called leukocytes. It is produced in mice and purified so that if can be used in humans. When it is

combined to the radioactive technetium isotope and injected, it finds an abnormal accumulation

of white blood cells and attaches to them. This helps your doctor make a diagnosis and evaluate

the extent of your illness. The doctor does this by using a special imaging camera that reveals

areas of radioactivity.

Therapeutic Group:

How LeukoScan Works.

LeukoScan is used to determine the present of infections in long bones. Shortly after mixing the

LeukoScan with the radioactive technetium isotope, the doctor will inject it into your vein. One

to eight hours later you will be placed on a special table and pictures will be taken with the

standard nuclear cameras to see where the injections are located.





When LeukoScan is used

Leukoscan is an antibody fragment which is linked to a radioactive substance called technetium.

LeukoScan is used in patients with suspected infection of the bone called osteomyelitis. The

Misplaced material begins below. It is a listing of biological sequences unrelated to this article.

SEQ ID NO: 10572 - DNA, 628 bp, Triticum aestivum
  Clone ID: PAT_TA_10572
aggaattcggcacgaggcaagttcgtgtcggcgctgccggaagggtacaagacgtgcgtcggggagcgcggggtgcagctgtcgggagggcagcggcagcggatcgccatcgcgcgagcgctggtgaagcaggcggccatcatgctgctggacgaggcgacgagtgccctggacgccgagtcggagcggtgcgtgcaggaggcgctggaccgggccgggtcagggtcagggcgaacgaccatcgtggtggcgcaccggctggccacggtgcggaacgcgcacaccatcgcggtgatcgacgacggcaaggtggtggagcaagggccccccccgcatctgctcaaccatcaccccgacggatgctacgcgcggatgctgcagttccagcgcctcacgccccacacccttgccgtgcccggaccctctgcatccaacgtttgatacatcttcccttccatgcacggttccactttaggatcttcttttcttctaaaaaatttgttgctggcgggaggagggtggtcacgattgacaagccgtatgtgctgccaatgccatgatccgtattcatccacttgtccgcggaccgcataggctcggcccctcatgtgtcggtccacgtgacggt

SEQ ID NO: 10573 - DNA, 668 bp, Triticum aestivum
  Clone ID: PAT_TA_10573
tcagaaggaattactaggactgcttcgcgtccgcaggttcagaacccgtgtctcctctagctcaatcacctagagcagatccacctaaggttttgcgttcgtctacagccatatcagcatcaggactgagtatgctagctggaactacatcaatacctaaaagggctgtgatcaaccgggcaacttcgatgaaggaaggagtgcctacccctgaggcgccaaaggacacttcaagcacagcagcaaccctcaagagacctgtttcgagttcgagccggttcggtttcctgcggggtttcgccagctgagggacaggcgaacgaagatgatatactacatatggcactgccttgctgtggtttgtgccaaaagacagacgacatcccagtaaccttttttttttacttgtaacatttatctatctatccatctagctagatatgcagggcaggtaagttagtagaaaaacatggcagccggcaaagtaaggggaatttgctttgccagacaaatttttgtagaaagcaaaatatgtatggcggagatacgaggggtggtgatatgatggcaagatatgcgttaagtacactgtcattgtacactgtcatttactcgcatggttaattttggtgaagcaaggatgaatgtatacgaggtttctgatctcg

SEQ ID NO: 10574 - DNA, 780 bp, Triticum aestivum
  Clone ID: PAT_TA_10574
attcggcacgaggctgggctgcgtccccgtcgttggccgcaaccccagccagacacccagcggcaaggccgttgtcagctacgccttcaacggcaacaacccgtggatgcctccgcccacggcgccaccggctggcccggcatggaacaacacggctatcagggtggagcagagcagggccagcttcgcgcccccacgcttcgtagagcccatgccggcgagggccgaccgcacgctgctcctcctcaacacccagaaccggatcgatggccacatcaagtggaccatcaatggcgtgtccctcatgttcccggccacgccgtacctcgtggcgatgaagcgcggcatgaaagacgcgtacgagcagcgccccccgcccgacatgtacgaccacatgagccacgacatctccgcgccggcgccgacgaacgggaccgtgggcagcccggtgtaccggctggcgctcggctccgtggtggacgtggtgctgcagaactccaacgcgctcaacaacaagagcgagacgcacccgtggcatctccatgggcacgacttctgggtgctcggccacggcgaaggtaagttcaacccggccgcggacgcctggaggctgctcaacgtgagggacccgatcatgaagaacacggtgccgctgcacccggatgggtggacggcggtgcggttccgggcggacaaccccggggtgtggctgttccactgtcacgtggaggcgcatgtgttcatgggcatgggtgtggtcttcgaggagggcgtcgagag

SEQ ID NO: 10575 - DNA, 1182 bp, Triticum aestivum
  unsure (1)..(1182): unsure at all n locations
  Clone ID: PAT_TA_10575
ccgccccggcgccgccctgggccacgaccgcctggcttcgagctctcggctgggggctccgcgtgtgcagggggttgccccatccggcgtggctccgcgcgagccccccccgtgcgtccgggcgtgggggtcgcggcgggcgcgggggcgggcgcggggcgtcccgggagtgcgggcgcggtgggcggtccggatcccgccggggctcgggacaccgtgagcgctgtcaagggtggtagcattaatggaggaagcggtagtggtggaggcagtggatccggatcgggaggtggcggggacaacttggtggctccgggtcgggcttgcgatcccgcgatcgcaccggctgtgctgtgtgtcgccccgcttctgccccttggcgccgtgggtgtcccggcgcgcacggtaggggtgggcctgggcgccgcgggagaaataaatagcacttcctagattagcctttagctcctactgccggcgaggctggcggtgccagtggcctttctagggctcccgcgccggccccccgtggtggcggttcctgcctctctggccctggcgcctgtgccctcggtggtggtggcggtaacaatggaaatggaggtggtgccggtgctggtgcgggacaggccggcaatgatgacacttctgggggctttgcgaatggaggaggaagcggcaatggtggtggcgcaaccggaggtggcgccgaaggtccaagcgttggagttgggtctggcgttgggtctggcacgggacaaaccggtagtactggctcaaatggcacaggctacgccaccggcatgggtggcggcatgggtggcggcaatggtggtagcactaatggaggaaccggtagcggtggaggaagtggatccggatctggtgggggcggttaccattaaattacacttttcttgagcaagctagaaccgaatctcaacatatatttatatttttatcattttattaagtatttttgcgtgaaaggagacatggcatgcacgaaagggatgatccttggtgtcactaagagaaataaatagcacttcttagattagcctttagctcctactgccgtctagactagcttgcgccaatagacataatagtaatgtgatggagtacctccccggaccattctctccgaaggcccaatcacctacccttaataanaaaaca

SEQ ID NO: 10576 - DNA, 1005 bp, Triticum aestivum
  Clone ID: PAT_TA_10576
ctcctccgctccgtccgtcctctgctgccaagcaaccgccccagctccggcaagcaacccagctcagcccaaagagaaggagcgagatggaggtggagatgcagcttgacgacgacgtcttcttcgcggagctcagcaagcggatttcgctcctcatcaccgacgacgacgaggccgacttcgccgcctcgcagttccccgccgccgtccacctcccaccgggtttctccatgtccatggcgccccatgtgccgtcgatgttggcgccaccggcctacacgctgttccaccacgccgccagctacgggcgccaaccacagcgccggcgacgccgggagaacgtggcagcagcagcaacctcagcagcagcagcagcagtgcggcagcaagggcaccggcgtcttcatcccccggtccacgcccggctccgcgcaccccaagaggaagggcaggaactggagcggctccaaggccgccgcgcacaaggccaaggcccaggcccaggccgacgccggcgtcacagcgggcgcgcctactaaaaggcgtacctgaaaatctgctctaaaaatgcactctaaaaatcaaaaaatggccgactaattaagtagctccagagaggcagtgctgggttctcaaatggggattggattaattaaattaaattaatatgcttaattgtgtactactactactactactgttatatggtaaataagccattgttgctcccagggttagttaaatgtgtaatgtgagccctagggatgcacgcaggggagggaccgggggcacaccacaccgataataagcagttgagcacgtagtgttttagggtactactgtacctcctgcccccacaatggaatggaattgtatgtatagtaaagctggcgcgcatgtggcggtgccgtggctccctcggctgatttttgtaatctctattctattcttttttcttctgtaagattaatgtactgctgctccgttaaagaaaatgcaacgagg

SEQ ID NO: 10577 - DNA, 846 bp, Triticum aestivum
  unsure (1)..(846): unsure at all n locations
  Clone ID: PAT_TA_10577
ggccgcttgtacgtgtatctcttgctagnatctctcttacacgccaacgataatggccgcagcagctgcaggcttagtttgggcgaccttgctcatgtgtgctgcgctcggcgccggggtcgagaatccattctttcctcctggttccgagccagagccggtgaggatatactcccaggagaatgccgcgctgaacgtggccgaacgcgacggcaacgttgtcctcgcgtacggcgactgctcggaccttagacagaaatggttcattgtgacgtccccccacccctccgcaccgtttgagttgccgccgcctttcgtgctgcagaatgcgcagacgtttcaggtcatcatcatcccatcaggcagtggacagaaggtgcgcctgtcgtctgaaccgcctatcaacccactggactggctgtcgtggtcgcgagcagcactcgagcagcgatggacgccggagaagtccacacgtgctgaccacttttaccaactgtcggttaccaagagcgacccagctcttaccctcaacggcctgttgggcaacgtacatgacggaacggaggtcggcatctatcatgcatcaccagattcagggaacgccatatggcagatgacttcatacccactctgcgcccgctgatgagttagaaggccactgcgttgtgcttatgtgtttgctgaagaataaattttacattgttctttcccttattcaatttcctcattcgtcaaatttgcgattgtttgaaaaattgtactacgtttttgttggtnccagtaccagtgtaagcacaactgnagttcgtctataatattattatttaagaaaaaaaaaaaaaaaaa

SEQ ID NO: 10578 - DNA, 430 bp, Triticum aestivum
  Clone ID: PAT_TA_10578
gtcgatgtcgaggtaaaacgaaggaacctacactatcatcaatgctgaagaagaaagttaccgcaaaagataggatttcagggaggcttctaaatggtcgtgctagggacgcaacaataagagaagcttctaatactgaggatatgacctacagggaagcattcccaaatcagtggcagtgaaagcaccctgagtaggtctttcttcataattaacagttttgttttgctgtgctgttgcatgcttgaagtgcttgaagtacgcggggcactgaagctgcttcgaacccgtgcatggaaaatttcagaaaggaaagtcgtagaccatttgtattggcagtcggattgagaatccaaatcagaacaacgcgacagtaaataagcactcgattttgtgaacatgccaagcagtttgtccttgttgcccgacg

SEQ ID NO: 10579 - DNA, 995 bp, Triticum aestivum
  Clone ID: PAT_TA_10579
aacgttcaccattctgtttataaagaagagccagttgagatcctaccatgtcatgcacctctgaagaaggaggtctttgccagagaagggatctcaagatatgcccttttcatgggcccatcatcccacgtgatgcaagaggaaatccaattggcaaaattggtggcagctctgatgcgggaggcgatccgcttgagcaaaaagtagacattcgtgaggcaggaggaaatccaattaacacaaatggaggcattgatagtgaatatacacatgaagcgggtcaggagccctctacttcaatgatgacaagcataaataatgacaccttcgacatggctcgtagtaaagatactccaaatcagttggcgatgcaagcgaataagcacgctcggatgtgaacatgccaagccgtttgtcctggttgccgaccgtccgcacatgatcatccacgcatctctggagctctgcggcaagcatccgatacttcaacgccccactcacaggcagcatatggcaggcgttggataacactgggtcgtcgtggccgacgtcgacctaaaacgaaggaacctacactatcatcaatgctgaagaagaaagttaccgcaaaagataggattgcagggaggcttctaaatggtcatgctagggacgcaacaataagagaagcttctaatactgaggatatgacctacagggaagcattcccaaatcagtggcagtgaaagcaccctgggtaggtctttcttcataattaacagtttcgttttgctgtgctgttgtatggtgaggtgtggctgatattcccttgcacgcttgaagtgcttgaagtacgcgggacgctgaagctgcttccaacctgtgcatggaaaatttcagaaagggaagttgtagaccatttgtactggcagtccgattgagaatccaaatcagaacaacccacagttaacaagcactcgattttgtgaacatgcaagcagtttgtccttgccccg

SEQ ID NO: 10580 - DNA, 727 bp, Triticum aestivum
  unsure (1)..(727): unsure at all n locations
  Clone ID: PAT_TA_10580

antibody is able to bind to the surface of the white blood cells which infiltrate the area of

infection. When the radioactive antibody binds to the white blood cells,

your doctor can

determine where the injection is located by using a special imaging camera that reveals areas of

radioactivity. The doctor can also determine how much disease there is. This will help the doctor

determine whether there is an infection in the bone and what kind of treatment to use.

Before you are given LeukoScan

It is very important to tell the Nuclear Medicine Physician or Specialist if:


You are or maybe pregnant

It is not known whether the injection is harmful to an unborn baby when administered to

pregnant women. Tell your doctor is you are pregnant or are intending to become

pregnant so that your doctor can decide if the potential benefit of administration of this

injection exceeds any risk to you or your unborn child.


You are breast-feeding